A guide to the buying process - Transparent property purchase

A guide to the buying process Transparent property purchase

Buying a property in Spain is in reality a very straightforward process. Below is a guide to steps that follow finding the home you’ve been looking for.

Initial Property Check

When you’ve found the property you want the next step is to engage an experienced lawyer who speaks your language. We can help with recommending professionals with a reputation for being thorough, as the next step involves the lawyer verifying the legal status of the property.

The first document he or she will request is the Nota Simple, which is issued by the Property Registry (Registro de la Propiedad) and indicates if there are any outstanding debts associated with the home, such as a mortgage, loan or embargo.

The lawyer will also check that the description of the property – including its features, square metreage and the delineation of its boundaries – conforms to what is being offered for sale. The Nota Simple also confirms the identity of the present owner of the property, and that the vendor does indeed have the right to sell it.

In the case of an apartment or townhouse complex, or a villa that belongs to a gated community, it is also important to request a certified document from the legal representative of the Community of Owners that outlines if there are any fees outstanding. The same applies to confirmation that local property taxes (IBI and Basura) are paid up to date.

Pre-Purchase Agreement

Once the property passes the documentation test and the sale proceeds, the next step involves the signing of a Pre-Purchase Agreement that clearly outlines the fact that the vendor will sell the property to the buyer for a specific price. Any additional stipulations added as part of the transaction such as for instance the inclusion of furniture, will also be listed here.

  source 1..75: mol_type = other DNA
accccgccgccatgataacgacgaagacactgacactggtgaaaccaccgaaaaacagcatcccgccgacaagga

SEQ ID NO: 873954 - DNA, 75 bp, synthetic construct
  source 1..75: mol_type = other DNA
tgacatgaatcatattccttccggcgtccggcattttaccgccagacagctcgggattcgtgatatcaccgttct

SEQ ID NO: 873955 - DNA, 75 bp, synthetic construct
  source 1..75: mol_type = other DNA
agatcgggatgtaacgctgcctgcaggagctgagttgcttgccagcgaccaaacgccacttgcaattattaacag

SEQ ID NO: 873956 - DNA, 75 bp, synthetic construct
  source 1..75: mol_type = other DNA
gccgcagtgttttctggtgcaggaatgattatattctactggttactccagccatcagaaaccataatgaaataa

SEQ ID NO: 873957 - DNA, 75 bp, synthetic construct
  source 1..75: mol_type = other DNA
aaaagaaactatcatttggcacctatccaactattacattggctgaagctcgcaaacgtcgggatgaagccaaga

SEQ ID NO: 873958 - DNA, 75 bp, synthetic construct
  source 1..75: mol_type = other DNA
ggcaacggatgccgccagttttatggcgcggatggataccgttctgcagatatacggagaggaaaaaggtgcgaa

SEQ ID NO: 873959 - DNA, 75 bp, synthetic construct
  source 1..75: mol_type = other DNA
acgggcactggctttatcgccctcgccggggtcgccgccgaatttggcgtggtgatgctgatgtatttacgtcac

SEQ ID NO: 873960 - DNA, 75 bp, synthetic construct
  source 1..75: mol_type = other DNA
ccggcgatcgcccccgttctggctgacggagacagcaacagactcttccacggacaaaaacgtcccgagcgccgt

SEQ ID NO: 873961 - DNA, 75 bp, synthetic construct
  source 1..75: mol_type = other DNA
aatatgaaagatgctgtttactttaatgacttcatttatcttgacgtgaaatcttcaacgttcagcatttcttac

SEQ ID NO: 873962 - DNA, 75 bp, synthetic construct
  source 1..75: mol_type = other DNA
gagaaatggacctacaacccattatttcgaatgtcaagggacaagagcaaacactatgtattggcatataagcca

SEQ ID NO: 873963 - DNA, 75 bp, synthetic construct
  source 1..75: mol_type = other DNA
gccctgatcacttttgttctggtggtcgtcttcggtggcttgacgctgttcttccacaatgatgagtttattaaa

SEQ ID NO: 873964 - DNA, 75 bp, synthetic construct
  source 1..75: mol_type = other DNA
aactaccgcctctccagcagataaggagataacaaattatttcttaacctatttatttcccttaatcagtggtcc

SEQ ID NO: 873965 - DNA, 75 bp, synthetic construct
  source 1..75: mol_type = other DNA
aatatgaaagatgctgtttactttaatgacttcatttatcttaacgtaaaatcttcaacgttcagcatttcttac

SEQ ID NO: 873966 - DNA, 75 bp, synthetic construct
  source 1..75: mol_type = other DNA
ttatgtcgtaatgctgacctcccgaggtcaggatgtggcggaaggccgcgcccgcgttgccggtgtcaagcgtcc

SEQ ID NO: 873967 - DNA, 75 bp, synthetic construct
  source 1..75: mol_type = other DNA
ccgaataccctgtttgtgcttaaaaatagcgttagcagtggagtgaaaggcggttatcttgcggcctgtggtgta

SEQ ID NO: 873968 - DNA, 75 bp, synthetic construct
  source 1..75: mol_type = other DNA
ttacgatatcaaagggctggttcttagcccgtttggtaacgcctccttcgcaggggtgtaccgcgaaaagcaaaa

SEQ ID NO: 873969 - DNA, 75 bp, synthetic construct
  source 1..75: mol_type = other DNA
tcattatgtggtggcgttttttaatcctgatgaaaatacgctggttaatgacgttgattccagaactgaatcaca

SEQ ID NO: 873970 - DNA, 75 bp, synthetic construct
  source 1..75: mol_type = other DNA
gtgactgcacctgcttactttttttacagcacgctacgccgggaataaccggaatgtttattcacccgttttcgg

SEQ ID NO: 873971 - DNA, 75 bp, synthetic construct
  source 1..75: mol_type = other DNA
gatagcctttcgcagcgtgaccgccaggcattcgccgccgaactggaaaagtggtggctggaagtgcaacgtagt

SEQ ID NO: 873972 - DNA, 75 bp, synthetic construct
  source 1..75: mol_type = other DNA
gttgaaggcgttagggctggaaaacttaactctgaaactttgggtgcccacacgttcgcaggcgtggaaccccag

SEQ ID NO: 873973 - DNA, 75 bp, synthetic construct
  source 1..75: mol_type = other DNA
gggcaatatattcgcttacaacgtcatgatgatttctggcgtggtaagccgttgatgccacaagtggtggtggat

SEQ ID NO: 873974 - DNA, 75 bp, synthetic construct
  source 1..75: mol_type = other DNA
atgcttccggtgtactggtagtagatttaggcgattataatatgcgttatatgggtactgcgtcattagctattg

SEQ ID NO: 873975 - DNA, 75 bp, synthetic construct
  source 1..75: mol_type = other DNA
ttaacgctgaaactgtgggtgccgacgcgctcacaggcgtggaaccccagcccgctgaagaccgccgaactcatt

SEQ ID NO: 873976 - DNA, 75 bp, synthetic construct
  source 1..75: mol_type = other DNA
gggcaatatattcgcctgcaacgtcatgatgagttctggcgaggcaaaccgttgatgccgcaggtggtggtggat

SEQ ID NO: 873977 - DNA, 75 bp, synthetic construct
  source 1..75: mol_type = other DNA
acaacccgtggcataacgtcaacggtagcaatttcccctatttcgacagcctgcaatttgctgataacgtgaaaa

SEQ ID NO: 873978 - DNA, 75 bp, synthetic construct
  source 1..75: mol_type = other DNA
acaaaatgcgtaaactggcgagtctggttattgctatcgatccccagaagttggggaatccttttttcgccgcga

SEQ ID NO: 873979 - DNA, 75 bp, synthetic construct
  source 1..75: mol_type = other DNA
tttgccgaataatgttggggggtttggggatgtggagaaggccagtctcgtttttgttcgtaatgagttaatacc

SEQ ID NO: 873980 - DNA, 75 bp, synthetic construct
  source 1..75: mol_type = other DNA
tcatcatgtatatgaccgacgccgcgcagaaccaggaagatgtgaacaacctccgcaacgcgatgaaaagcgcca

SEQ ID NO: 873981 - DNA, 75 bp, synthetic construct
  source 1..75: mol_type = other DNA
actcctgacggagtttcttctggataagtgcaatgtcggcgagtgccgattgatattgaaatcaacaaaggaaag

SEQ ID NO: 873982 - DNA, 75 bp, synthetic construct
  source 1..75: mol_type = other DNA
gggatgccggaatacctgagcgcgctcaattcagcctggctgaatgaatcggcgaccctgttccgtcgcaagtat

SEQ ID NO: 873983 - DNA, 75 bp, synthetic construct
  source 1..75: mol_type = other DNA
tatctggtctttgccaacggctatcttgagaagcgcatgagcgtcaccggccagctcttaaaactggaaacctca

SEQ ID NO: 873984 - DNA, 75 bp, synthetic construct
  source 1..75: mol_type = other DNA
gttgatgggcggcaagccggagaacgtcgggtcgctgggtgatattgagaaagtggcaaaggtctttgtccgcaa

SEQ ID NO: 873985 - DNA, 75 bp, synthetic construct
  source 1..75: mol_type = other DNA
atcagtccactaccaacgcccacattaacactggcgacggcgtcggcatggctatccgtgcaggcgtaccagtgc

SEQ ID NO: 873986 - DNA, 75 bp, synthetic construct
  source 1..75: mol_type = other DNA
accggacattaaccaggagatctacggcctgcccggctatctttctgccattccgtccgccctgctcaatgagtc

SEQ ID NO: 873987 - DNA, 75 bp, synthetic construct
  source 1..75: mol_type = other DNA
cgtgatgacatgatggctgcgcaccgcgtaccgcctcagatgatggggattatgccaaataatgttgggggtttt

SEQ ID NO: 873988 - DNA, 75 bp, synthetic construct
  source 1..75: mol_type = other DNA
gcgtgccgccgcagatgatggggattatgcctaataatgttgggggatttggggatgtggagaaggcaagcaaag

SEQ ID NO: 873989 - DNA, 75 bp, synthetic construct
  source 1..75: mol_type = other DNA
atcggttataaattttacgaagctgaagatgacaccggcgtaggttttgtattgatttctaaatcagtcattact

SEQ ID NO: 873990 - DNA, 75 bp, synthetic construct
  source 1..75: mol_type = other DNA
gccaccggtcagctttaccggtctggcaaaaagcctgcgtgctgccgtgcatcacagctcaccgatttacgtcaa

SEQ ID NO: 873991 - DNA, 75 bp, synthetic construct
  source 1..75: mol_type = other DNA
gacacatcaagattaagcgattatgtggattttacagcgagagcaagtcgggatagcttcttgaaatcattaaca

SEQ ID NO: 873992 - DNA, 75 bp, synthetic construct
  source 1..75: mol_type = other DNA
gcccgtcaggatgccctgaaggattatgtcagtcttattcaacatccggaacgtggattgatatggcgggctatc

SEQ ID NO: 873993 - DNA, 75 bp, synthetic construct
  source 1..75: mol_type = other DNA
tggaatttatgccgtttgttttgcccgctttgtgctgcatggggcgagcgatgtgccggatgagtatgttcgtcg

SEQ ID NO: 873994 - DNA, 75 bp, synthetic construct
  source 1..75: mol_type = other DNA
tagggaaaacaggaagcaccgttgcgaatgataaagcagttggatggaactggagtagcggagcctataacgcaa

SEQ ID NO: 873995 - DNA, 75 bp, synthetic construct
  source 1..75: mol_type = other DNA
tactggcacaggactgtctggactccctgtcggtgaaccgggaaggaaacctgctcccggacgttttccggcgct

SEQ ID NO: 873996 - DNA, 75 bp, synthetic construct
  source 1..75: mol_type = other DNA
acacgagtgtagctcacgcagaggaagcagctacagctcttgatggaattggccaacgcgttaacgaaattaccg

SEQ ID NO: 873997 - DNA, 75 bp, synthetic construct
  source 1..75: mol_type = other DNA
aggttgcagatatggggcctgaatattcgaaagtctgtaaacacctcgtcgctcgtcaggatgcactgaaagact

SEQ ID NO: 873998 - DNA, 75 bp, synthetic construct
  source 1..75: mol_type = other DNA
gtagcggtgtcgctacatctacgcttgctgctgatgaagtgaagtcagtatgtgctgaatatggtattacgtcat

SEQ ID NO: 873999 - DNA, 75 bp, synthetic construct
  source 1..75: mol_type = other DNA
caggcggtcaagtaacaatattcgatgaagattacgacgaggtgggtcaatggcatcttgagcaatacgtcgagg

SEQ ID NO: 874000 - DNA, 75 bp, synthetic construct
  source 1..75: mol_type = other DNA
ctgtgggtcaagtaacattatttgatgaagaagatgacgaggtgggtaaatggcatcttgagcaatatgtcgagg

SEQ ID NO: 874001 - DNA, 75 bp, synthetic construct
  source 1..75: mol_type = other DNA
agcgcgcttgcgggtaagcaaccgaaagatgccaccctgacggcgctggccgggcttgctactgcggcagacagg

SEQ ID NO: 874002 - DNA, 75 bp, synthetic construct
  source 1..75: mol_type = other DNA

The buyer pays a 10% deposit at this point (a figure that can vary by mutual agreement) to reserve the property and take it off the market. The buyer loses the deposit if he or she backs out after signing the agreement, while the vendor has to return double the amount of the deposit if he/she decides not to sell at this stage. It should be noted that the two parties can opt for a different form of contract if they wish.

Financing

The financing of the purchase should be in place by now. The bank that may have agreed the mortgage in principle will now want to see the Pre-Purchase Agreement and arrange an independent valuation of the property, as the value of the loan will be based on that figure, not the selling price.

The cost of this technical valuation is borne by the buyer and ranges between €300-€500.

Completing the Purchase

Once the financing is in place the property transfer is performed before a notary, who certifies that the legally required steps have been followed and the transaction is therefore correct and binding. The notary will read the deed of purchase to ensure both parties understand and agree to its contents.

The notary will also check the identity documents of the vendor and buyer (or power of attorney), along with the property title and proof of payment. Once everything is in place both parties sign the contract before the notary and the sale is concluded.

Taxes due

Resale (existing) homes

Transfer tax (for individual buyers), which increases with the value of the property

  • 8% up to €400,000
  • 9% between €400,001 and €700,000
  • 10% over €700,001

New-build

VAT (IVA) of 10% and Stamp Duty of 1,5% - based not necessarily on the purchase price, but on the assessed rateable value if it is the higher of the two. Legal advice should be sought if there is a significant difference between the two.

Different rates apply for commercial premises and garages that are sold separately, or when the property transaction is between companies.

Seller

The vendor is responsible for a locally levied Capital Gains Tax (Plusvalía) that is calculated upon the increase in rateable value (Valor Catastral) of the property. Typically, it varies between several hundred and several thousand euros, and some contracts pass its payment on to the buyer.

Registering the new Property

To ensure your ownership rights are fully protected, your new home should be registered in your name at the Property Register (Registro de la Propiedad). The charge is based on the value of the property:

  • 0,4% on the first €6,010
  • 0,02% on the balance

Other Fees

Total taxes and fees typically range between 10-12% of the purchasing cost, with notary fees around €3,000 depending on the property’s value and lawyer’s fees around 1% of the same.